DAVID BIANCULLI

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ERIC GOULD

Associate Editor

LINDA DONOVAN

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KARLE DUNBAR

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TOM BRINKMOELLER

GERALD JORDAN

MONIQUE NAZARETH

CANDACE KELLEY

GABRIELA TAMARIZ

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NOEL HOLSTON

JONATHAN STORM

 
 
 
 
THE WONDER YEARS: THE COMPLETE SERIES SET
April 20, 2015  | By David Bianculli
 
The Wonder Years ran for six seasons, from 1988 to 1993, and featured an adult narrator looking back on childhood with both nostalgic affection and a wizened perspective. It wasn’t a new idea for a sitcom – one of TV’s very first, Mama, pulled the same trick in 1949. But in The Wonder Years, which had narrator Daniel Stern portraying the adult Kevin Arnold looking back on his own junior high and high school years in the Sixties and Seventies, series creators Carol Black and Neal Marlens gave us one of TV’s all-time best comedies. Fred Savage stars as young Kevin, with Danica McKellar and Josh Saviano as unforgettable childhood friends Winnie and Paul, respectively. This complete set, which looked back at a previous generation, took another full generation to arrive on DVD, but it’s well worth the wait. – David Bianculli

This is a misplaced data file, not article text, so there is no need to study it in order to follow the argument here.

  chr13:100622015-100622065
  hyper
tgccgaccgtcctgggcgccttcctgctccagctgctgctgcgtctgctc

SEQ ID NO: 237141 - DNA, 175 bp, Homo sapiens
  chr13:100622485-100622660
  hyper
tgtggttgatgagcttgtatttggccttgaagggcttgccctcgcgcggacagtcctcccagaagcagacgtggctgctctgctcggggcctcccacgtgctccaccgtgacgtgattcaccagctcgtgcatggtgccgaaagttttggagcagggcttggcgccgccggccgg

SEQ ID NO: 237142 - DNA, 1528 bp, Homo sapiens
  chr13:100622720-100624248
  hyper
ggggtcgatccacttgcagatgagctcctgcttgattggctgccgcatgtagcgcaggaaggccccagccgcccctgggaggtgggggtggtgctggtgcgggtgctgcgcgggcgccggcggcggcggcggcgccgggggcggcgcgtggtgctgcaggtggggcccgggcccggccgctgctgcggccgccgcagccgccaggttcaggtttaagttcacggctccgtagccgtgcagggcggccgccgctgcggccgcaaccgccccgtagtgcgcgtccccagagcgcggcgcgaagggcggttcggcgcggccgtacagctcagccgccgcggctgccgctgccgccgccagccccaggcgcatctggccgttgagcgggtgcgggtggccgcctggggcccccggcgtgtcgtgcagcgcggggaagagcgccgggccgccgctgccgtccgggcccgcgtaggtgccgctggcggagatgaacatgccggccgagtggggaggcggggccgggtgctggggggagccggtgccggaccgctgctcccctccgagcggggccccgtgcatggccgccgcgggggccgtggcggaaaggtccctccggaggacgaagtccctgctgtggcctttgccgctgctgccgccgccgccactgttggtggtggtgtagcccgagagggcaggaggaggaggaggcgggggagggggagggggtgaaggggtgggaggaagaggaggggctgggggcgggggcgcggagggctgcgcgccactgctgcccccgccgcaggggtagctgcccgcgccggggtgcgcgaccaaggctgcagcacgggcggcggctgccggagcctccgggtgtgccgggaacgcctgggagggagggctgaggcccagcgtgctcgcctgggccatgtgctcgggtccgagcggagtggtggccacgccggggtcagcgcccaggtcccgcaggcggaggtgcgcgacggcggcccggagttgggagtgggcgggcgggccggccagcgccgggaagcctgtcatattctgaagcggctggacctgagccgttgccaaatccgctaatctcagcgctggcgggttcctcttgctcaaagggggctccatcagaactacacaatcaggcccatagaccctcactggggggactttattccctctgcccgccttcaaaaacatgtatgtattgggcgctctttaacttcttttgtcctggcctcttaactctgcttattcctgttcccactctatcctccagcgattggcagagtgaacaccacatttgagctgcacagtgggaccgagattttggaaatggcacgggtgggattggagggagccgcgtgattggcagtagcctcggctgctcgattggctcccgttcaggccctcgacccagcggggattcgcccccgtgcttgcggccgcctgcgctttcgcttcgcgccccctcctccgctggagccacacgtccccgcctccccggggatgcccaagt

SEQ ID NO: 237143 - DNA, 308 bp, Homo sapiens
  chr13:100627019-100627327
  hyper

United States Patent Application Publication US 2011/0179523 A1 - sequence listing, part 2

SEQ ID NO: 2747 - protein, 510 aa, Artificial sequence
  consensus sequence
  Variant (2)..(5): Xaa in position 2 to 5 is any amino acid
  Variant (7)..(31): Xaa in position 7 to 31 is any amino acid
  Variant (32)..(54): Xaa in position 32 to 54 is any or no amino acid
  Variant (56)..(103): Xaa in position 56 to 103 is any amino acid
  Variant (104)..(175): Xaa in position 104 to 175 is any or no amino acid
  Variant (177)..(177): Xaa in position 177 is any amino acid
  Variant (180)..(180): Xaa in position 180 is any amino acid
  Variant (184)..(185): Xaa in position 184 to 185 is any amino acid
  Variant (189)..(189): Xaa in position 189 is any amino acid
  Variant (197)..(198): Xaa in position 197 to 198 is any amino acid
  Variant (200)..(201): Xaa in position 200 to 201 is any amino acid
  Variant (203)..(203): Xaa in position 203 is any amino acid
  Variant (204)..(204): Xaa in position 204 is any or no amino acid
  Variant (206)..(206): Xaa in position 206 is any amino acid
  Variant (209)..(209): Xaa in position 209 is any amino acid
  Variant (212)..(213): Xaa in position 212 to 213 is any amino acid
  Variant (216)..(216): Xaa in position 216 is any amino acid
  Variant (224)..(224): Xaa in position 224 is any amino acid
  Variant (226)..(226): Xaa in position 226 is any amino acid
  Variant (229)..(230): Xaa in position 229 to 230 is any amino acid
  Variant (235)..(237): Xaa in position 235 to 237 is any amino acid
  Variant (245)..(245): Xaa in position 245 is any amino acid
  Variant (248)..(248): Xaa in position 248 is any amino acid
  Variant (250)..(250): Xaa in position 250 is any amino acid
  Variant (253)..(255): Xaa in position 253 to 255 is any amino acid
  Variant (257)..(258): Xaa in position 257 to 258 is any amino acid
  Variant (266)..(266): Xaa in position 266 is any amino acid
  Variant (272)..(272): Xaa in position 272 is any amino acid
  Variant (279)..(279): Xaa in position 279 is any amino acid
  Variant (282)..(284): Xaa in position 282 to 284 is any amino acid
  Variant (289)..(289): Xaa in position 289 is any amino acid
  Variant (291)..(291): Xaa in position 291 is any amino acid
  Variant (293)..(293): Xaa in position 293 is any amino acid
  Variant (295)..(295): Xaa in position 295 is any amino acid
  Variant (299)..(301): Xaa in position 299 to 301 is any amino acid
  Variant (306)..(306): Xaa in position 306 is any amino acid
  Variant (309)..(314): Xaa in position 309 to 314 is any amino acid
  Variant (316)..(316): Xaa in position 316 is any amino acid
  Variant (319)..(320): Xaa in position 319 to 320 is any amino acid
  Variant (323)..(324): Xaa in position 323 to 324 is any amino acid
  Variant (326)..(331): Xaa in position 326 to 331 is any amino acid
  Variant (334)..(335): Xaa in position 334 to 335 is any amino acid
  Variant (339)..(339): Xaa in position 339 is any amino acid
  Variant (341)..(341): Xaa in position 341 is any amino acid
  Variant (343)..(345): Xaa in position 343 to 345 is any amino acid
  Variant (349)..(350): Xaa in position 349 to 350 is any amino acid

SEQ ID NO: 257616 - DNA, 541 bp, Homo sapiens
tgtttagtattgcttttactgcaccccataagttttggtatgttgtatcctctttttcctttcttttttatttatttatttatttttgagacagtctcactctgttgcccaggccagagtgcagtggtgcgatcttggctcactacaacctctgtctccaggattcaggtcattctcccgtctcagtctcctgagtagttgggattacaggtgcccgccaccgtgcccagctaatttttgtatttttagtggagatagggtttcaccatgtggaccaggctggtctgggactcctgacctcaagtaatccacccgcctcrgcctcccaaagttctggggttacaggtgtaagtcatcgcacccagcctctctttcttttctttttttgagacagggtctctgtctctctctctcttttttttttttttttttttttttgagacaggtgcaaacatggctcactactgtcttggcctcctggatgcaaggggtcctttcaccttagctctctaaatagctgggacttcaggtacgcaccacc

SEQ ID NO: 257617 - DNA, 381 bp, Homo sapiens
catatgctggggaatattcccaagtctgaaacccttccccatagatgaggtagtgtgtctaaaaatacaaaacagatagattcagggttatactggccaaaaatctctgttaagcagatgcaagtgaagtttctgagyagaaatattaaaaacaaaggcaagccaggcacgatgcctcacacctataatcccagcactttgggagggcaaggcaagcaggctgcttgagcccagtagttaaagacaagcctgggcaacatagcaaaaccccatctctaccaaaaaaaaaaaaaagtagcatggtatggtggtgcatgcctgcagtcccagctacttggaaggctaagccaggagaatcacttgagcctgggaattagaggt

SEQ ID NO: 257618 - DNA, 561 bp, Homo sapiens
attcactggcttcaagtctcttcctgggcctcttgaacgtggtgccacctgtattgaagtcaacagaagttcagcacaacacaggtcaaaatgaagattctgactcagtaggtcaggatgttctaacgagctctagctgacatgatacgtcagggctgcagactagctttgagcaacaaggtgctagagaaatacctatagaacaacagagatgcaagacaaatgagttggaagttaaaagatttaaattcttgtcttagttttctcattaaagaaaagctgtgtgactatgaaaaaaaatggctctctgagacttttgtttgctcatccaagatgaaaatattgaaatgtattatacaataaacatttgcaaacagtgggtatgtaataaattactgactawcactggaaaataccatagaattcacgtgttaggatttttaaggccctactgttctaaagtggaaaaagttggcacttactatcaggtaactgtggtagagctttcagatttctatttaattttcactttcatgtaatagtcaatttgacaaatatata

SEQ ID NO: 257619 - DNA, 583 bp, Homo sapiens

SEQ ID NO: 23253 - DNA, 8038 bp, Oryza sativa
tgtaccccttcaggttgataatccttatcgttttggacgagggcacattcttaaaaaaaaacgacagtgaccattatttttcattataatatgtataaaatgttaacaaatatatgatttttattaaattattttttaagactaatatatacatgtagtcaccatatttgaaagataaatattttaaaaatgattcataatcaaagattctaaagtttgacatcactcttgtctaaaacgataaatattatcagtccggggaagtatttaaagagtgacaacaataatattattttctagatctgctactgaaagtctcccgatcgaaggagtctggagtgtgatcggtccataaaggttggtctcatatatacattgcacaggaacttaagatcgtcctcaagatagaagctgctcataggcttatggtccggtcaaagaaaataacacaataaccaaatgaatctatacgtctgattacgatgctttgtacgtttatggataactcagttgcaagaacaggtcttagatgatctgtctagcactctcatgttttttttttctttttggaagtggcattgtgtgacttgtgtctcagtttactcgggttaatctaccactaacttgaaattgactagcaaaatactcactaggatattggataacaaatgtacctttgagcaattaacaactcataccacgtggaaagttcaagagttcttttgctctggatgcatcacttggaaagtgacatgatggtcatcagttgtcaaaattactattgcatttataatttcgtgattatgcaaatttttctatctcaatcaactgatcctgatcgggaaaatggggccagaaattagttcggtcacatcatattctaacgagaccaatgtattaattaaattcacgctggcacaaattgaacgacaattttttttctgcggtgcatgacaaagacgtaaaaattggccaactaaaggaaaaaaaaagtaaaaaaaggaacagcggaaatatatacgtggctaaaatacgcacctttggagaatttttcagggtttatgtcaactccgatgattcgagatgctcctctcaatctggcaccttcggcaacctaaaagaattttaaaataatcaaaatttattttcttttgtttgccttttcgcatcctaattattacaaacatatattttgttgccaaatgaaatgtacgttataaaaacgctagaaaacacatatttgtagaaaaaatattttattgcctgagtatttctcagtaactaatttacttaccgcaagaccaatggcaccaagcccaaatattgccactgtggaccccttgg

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Good news, TVWW readers: David’s new book from Doubleday, The Platinum Age of Television: From I Love Lucy to The Walking Dead, How TV Became Terrific is available on Amazon for $20. (Paperback will be available September 5th, here.)

Doubleday says: “Darwin had his theory of evolution, and David Bianculli has his. Bianculli's theory has to do with the concept of quality television: what it is and, crucially, how it got that way."

"The Platinum Age of Television is an effusive guidebook that plots the path from the 1950s’ Golden Age to today’s era of quality TV. For instance, animation evolved from Rocky and His Friends to South Park; variety shows moved from The Ed Sullivan Show to Saturday Night Live; and family sitcoms grew from I Love Lucy to Modern Family. A high point is the author’s interviews with Carl Reiner, Mel Brooks, Norman Lear, Bob Newhart, Matt Groening, Larry David, Amy Schumer and many others...Bianculli has written a highly readable history." —The Washington Post